Volcom’s Peanut Butter And Rail Jam
… And the youth shall inherit the Earth.
By Dave Schiff
Photos by Nick Hamilton
Man, I remember back in ’83 when competition was about having fun—enjoying a good day of riding with friends and making new ones. Actually, the only thing I shredded in ’83 was my momma’s womb. Luckily, Volcom remembers those days and has created a contest that veers far from the traditional norm of large corporate-sponsored events—one that’s based on the respect of those who attend and throw down, not what their names are or how much money they make. This is an event for every kid who snowboards. It’s a true amateur event, for the riders, by the riders.
On May 10, 2003, the Peanut Butter And Rail Jam came back to its birthplace of Mammoth Lakes, California on the final stop of the season. As I recollect it was a Saturday, blue skies, warm and sunny. The grill was smoking, hot dogs were roasting, and some good old tunes were blasting—the perfect atmosphere for jibbing.
The setup consisted of three obstacles arranged side by side, allowing easy access not only for the riders but also for supreme viewing pleasure. What monstrosities were the future jibbers of America chucking their meat at? On the left side sat a wide flat-down bar, the middle area hosted a mellow flat-down, and on the right was your favorite and mine—the pink funbox. I do love watching the kiddies nosepress that pink box. The contest had two age categories: seventeen and up, and sixteen and below. Four rounds of elimination for each category brought everyone up to the fifth and final round—the one that determined who would claim rail supremacy for the day.
So, what went down? I will answer that question with another question—what the hell is in the water in California? Unlike the public-school systems of America, I was actually paying attention to the youngsters—and the sixteen-and-under kids were killing it! Actually, “killing it” doesn’t even come close to justifying what went down. The word “annihilation” might fit more appropriately. I saw every combination of 270-on (it seems that most eight year olds can do those now). Switch frontside slides? Forget about it, they have those tricks down first try. More than any other time in my life I had the feeling that shit was really going to get hectic in the next couple years. It seems that young ones just watch the videos and figure, “Well, I guess I’ll try that trick today,” then they land it, and on to the next thing. After the first round, you could even see the older kids sweatin’—they knew they had to step it up.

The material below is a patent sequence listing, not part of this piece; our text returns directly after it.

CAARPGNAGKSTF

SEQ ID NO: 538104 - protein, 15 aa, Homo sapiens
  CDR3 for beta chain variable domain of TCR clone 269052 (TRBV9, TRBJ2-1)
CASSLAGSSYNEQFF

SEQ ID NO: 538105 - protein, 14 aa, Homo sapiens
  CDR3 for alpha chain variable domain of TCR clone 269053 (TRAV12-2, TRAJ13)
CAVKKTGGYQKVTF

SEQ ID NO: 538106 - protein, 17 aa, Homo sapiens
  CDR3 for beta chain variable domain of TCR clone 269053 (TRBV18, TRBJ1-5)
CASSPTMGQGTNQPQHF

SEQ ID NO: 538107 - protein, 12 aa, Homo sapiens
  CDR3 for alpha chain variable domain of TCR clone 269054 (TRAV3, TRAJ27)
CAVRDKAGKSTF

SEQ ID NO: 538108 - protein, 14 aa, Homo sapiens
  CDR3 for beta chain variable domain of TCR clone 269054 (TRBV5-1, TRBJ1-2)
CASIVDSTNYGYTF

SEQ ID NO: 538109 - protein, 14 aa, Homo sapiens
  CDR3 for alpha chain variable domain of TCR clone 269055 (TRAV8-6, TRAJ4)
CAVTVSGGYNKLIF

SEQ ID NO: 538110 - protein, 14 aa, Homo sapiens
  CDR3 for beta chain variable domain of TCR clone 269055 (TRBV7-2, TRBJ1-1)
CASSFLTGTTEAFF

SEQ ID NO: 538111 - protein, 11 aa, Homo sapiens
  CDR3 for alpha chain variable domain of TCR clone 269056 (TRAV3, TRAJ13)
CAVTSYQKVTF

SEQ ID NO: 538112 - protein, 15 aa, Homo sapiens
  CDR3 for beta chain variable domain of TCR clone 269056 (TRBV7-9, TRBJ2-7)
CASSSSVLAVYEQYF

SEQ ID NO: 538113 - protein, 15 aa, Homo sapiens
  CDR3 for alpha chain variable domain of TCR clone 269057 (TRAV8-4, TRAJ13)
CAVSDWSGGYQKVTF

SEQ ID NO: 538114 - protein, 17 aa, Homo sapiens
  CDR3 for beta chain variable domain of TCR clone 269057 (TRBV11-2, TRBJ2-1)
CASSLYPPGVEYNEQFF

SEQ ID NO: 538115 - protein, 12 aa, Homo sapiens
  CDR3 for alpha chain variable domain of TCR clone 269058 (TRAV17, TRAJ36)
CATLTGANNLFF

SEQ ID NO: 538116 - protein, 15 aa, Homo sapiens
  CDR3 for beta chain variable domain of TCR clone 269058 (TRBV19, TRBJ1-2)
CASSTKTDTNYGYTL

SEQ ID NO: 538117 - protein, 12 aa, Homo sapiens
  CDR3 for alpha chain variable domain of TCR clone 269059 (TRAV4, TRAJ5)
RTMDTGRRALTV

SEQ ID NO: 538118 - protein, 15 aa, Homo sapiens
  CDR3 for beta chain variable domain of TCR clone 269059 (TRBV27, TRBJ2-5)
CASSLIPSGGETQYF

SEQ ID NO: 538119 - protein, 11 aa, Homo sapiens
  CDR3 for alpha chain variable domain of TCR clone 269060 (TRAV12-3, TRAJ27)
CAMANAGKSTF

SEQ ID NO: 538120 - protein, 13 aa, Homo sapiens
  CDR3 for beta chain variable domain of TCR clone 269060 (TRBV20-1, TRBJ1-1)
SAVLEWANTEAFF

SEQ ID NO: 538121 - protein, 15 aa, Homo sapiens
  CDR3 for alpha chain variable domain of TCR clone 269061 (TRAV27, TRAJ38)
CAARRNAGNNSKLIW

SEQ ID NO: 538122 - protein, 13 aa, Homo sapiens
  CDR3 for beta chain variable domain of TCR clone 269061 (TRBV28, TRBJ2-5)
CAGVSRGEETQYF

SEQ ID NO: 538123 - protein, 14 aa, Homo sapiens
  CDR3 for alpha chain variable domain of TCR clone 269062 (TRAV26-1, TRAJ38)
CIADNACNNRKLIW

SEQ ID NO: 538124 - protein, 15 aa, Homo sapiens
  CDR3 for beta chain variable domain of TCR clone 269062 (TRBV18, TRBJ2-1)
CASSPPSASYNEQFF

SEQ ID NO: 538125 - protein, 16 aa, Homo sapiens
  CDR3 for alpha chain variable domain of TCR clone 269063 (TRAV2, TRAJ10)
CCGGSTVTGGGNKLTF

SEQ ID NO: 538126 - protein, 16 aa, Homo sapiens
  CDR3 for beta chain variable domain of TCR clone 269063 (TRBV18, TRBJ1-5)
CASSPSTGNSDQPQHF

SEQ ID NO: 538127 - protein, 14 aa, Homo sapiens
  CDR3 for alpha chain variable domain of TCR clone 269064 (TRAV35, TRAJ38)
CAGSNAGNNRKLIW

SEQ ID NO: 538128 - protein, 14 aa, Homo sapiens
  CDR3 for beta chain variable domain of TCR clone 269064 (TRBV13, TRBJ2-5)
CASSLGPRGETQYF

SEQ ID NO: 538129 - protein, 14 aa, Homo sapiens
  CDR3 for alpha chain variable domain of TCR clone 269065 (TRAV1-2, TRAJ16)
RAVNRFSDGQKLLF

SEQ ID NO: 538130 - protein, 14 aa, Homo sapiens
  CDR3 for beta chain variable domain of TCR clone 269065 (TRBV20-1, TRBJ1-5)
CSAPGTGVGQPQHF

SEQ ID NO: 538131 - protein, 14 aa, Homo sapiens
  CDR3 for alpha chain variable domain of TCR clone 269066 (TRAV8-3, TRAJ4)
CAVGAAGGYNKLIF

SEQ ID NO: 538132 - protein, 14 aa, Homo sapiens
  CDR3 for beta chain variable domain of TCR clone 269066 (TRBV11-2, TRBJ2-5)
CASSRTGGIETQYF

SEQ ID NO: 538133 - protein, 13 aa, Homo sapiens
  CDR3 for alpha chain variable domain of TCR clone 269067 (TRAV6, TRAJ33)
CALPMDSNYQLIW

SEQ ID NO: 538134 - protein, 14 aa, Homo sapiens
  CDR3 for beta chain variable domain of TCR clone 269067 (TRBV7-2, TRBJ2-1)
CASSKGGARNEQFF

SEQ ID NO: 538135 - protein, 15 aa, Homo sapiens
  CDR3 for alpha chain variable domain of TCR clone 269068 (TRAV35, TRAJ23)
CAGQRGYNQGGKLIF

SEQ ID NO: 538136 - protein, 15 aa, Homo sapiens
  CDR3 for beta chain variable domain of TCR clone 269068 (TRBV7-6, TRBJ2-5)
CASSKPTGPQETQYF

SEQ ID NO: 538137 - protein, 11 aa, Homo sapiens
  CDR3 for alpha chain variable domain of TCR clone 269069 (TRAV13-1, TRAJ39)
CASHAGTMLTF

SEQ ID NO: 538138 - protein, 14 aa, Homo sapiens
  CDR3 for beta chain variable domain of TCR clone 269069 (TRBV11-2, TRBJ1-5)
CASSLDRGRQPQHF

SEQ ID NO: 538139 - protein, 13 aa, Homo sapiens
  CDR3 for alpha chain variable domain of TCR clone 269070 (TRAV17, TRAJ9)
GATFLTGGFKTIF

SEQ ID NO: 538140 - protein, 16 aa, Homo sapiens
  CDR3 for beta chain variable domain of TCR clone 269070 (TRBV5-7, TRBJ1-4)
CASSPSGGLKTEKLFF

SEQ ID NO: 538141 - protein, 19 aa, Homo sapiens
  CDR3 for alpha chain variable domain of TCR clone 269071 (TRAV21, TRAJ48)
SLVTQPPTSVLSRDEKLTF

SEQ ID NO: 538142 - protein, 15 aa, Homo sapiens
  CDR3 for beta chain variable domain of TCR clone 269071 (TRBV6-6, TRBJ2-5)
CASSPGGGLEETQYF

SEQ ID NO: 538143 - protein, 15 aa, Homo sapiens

To get back on track, I believe the children are our future—and leading the way are Eric Jackson, Mason Aguirre, and Sammy LeBuke. Tyler Flanagan, who’d just turned ten years old, also rode very impressively. Tyler really stuck out from the crowd—he looks like a tiny ball of steez when he rides. The pink down bar was easily four inches taller than he is, but that didn’t stop the backside lips from flowing.
On to the big dogs—they had a lot to prove. Mammoth mainstay Max Weinberger is the king of the Hot Garbage. A “Hot G” for those who don’t know is a frontside slide turned over 90 degrees, basically like a hurricane grind on a skateboard without the trucks. Anyway, I saw this one kid jump fifteen feet with a gap 270 on the pink down bar. Then another one was trying gap 450s on the flat down. And what kid didn’t huck onto the funbox and spin around ’til the end, then get in a few more rotations?
As Travis Robinson fastplanted his way into third, Corey Crunk (riding under the alias of Sean Happy) had some moves on the box, that amongst other tribulations such as fakie ollie back lips earned him second place for the day. It was such a relaxed event that the kid who won simply went by “Johnny.” Who needs last names, anyway?
To wrap things up, it was a perfect day for the record books. Many tricks were stomped,, peanut butter and rail jam sandwiches consumed, sodas shwilled. Thank you to Billy Anderson and Jay Twitty of Volcom for creating such an awesome venue for everybody and remembering that snowboarding is fun. See you next year.
Sixteen And Under
Seventeen And Over